States Seek Emergency Medical Compacts

By: - September 7, 2004 12:00 am

Arizona doctors can provide medical services to patients more than 2,600 miles away in Panama through a state-funded program that uses videoconferencing and digital technology. But consultations for patients in neighboring states are rarely allowed.

“We can consult in Panama, but not Utah,” said Sandy Beinar, associate director of the Arizona Telemedicine Program. Most states prohibit out-of-state physicians from practicing unless licensed in the patient’s state, even in an emergency.

If there were a bioterrorist event such as a smallpox outbreak or anthrax attack, states could legally share fire trucks and helicopters but not medical expertise. But in a world reshaped by the 2001 terrorist attacks, states are beginning to change that and, for the first time, consider interstate compacts that lay the groundwork for medical professionals to cross state borders.

In both the Midwest and the South, regional alliances are being forged to develop agreements and the technological know-how to share medical expertise in emergencies.

Ten Midwestern states, led by Nebraska Gov. Mike Johanns (R), are making arrangements to share medical personnel and communications capabilities. The alliance would include Iowa, Kansas, Missouri, Montana, North Dakota, South Dakota, Wyoming, Colorado and Utah.

Separately, 16 governors working through the Southern Governors’ Association (SGA) have been trying since shortly after the airplane and anthrax attacks in 2001 to develop an interstate emergency medical response system that project leaders hope is the beginning of a “national health highway system.”

The SGA project relies on telemedicine, which uses communications and information technology to deliver health-care services over long distances. States such as Texas have used telemedicine to treat inmates, and Alabama is starting to use it for tracking Medicaid patients’ blood-pressure readings.

Southern governors want to use telemedicine to connect medical expertise to a point of need, for example to allow medical experts to diagnose anthrax or smallpox from afar.

Even with today’s advances in digital technology, making online medical connections can be difficult. The SGA tested a network this spring to link state health departments, the Centers for Disease Control, and telemedicine programs in Florida, Kentucky, Missouri and Virginia. It took three months to secure network permissions for making an online connection that lasted 15 minutes — not the type of response time sought by governors during a bioterrorism event.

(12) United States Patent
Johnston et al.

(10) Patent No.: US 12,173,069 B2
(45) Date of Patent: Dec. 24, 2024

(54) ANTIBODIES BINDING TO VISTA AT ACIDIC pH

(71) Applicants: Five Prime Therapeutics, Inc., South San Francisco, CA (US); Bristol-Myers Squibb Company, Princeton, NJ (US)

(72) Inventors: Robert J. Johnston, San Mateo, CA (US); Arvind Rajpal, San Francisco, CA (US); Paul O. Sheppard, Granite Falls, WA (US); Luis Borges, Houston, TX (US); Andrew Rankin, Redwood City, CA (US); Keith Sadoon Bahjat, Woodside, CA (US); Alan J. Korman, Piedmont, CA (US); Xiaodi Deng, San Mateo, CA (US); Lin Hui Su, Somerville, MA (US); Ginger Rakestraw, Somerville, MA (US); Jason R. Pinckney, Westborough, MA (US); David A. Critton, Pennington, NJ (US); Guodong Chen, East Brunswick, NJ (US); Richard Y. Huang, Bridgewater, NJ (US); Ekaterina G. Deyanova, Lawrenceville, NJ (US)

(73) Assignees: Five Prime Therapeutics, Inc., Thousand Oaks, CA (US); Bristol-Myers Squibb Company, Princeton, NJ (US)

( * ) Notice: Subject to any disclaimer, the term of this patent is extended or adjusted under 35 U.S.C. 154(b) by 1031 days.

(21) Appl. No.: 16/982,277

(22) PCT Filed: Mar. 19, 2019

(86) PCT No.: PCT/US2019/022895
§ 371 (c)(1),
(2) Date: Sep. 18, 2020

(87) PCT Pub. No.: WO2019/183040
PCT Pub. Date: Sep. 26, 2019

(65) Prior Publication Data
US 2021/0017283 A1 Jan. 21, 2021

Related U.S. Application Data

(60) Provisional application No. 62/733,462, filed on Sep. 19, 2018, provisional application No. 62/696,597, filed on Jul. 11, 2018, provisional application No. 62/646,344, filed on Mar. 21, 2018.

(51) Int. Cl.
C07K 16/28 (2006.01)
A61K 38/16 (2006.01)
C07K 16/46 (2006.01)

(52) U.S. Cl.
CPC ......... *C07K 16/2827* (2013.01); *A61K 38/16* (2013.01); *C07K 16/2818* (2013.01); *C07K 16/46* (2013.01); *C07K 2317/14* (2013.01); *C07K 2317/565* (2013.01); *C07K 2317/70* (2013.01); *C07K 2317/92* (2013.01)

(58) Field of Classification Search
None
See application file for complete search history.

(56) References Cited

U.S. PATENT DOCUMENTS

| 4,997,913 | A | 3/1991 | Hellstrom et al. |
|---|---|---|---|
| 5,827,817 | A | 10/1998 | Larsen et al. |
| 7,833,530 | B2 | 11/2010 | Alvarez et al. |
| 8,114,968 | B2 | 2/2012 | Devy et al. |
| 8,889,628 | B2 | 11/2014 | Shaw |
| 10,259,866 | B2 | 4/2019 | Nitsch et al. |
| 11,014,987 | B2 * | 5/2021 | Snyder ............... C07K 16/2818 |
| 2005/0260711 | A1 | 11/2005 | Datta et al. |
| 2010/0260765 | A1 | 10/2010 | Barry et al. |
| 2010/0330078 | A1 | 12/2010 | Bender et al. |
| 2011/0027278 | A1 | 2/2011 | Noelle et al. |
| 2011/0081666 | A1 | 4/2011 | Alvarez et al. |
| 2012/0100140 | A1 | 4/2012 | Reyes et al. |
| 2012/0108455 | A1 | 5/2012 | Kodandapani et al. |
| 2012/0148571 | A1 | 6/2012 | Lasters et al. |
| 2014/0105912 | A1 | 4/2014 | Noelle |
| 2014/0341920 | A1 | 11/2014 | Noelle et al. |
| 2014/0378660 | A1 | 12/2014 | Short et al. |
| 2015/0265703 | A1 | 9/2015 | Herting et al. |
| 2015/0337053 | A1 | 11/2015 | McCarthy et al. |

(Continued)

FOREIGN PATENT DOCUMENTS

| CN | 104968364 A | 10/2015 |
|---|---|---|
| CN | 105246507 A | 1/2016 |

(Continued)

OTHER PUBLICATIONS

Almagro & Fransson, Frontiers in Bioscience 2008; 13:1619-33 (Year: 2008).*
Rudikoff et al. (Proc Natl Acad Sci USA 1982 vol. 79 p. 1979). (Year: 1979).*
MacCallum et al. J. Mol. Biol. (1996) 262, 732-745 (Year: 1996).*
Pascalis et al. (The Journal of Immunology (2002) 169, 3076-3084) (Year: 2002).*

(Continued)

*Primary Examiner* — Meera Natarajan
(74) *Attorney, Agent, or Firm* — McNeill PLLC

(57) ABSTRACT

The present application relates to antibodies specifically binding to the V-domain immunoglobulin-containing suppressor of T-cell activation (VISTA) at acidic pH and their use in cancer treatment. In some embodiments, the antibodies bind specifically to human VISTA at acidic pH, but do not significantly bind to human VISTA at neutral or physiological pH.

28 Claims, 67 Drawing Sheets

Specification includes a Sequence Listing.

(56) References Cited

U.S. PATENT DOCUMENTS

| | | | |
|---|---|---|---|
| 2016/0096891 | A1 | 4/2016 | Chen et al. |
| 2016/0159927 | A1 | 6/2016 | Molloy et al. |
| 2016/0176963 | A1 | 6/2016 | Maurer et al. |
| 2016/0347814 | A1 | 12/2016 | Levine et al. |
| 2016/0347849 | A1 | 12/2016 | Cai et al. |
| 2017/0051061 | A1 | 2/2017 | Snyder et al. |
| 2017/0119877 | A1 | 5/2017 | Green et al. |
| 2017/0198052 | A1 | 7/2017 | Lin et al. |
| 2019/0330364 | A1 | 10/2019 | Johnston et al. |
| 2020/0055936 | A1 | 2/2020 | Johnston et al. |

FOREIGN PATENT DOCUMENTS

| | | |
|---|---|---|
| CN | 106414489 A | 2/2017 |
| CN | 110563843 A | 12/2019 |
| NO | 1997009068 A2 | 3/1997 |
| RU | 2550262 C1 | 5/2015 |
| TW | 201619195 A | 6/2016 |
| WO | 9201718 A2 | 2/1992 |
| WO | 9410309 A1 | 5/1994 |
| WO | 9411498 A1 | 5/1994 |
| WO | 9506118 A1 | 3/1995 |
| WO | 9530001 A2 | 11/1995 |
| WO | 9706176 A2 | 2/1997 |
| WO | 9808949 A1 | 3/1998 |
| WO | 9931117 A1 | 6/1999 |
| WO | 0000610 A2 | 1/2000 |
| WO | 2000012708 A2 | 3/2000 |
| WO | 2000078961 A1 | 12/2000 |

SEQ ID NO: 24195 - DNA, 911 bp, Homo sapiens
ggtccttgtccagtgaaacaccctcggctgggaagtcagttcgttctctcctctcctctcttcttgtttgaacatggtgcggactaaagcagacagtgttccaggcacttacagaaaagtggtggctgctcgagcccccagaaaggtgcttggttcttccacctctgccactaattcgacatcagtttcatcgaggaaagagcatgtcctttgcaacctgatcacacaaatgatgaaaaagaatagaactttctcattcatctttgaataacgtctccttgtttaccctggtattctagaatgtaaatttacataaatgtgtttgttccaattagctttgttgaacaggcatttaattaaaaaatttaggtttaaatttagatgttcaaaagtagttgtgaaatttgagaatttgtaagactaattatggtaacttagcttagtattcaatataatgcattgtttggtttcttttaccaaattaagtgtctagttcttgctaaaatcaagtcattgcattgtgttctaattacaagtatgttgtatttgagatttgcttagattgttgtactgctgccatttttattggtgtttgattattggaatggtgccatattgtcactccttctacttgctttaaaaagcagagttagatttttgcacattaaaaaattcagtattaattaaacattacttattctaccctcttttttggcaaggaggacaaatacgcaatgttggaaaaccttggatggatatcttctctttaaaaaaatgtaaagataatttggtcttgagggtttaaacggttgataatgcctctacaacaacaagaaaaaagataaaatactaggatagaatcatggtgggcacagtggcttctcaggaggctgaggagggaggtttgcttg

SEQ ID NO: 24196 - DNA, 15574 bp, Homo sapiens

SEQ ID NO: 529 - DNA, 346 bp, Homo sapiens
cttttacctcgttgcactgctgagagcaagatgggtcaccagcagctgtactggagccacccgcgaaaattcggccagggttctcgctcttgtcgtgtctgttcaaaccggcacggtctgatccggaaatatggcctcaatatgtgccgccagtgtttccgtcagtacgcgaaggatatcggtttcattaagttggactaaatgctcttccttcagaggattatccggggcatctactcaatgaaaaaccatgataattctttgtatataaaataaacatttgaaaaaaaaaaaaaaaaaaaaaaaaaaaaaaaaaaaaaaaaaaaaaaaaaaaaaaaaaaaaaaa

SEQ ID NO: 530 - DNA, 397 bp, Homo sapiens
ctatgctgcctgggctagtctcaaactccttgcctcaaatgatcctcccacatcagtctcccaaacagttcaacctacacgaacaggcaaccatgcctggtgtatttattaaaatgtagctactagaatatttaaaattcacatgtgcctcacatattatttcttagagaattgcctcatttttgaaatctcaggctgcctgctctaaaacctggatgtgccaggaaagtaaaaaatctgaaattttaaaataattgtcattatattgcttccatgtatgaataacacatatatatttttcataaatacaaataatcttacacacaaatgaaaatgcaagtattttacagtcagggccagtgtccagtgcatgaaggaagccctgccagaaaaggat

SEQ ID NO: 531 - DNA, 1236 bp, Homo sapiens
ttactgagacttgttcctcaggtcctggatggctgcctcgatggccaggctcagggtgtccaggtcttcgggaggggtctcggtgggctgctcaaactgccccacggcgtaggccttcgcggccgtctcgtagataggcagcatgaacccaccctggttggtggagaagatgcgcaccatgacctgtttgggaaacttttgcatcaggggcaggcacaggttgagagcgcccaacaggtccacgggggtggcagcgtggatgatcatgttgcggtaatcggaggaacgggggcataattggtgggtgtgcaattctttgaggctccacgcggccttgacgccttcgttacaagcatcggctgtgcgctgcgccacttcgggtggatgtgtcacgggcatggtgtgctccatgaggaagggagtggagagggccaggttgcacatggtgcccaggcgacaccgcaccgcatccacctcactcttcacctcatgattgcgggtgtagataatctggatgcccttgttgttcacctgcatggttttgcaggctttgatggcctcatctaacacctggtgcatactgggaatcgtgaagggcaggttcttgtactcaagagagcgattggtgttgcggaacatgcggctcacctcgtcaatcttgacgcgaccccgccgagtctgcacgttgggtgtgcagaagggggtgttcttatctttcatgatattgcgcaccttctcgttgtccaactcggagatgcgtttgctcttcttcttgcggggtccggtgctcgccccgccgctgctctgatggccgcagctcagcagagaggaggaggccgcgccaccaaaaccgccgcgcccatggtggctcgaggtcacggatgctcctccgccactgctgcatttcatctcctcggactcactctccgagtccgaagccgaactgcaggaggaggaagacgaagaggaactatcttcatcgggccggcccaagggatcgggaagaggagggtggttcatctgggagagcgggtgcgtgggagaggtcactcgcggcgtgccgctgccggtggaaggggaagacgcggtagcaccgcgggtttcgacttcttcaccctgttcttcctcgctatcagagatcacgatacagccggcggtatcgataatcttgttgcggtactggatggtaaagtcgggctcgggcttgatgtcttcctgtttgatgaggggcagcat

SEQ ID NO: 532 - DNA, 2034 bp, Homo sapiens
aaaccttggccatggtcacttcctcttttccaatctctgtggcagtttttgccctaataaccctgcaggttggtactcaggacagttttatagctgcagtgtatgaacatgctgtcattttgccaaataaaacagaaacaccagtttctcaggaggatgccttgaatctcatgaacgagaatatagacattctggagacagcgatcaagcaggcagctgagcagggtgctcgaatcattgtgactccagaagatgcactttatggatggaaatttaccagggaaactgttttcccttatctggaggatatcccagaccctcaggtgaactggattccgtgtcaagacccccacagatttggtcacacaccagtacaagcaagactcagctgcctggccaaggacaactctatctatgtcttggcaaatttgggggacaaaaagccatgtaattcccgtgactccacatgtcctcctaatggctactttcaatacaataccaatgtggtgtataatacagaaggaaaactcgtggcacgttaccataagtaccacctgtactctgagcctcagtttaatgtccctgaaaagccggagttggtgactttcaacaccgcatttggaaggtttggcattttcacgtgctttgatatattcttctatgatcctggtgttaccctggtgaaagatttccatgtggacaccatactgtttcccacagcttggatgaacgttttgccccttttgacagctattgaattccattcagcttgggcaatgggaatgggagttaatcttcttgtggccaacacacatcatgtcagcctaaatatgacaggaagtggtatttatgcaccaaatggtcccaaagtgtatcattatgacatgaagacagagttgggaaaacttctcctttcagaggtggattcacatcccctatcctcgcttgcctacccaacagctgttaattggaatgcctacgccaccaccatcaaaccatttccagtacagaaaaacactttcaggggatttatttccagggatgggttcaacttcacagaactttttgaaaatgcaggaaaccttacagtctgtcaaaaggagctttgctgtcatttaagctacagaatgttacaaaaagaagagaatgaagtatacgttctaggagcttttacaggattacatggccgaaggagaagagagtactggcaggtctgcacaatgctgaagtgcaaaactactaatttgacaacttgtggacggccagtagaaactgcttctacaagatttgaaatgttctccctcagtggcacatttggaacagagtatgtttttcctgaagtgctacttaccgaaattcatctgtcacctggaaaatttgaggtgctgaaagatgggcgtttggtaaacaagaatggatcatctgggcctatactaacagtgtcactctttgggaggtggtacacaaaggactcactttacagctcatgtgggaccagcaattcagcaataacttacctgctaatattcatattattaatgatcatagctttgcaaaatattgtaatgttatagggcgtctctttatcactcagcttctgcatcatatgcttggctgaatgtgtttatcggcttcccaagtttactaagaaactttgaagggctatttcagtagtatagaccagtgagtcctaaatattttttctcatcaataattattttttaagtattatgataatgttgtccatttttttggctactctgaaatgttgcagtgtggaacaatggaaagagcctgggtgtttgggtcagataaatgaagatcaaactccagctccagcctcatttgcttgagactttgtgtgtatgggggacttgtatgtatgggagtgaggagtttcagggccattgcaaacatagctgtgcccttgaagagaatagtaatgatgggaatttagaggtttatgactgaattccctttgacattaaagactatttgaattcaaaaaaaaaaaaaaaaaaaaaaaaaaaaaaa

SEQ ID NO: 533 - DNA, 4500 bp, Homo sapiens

“The demonstration tested the capabilities of the region for an immediate response to such an emergency and found them cumbersome and lacking,” an SGA progress report said

Coordinating high-bandwidth connections between state computer systems (in a point-to-point T1 connection) proved tricky, said Lee Stevens, SGA’s legislative director for health, human services and education. Computer security concerns and reluctance to open “ports,” the numeric Internet gateways, required intense negotiation between participants, Stevens said.

“The irony is that it would be much easier to practice internationally than across state borders,” said Dr. Jay Sanders of the Global Telemedicine Group, an SGA project leader. The demonstration showed states could achieve a connection, but the system would be unusable in an emergency because the communications’ quality was lacking, Sanders aid.

Sanders has proposed that SGA seek private grant funding to establish the technical protocols on a multi-state basis. He advocated expanding the concept of the Emergency Management Assistance Compact (EMAC), the agreement that routinely enables emergency resource-sharing among states, to include virtual medical response.

SGA is expected to consider the issue at its annual meeting set for Sept. 12-14 in Richmond, Va., where Gov. Mark Warner (D) will preside as chairman. Warner has said the telemedicine project “can really make a difference.”

The Midwestern governors are working out agreements to share lab space and workers, using $200,000 in federal funds granted to Nebraska to fight bioterrorism. The agreement would include the creation of a Mid-America Demonstration Center for Public Health Preparedness at the University of Nebraska Medical Center.

Both the Southern and Midwestern interstate medical agreements are expected to tackle issues of liability, licensure and reimbursement. The result will be that interstate medical consultations happening now sporadically — after special licensing and approvals — could occur more easily under the agreements, project leaders said.

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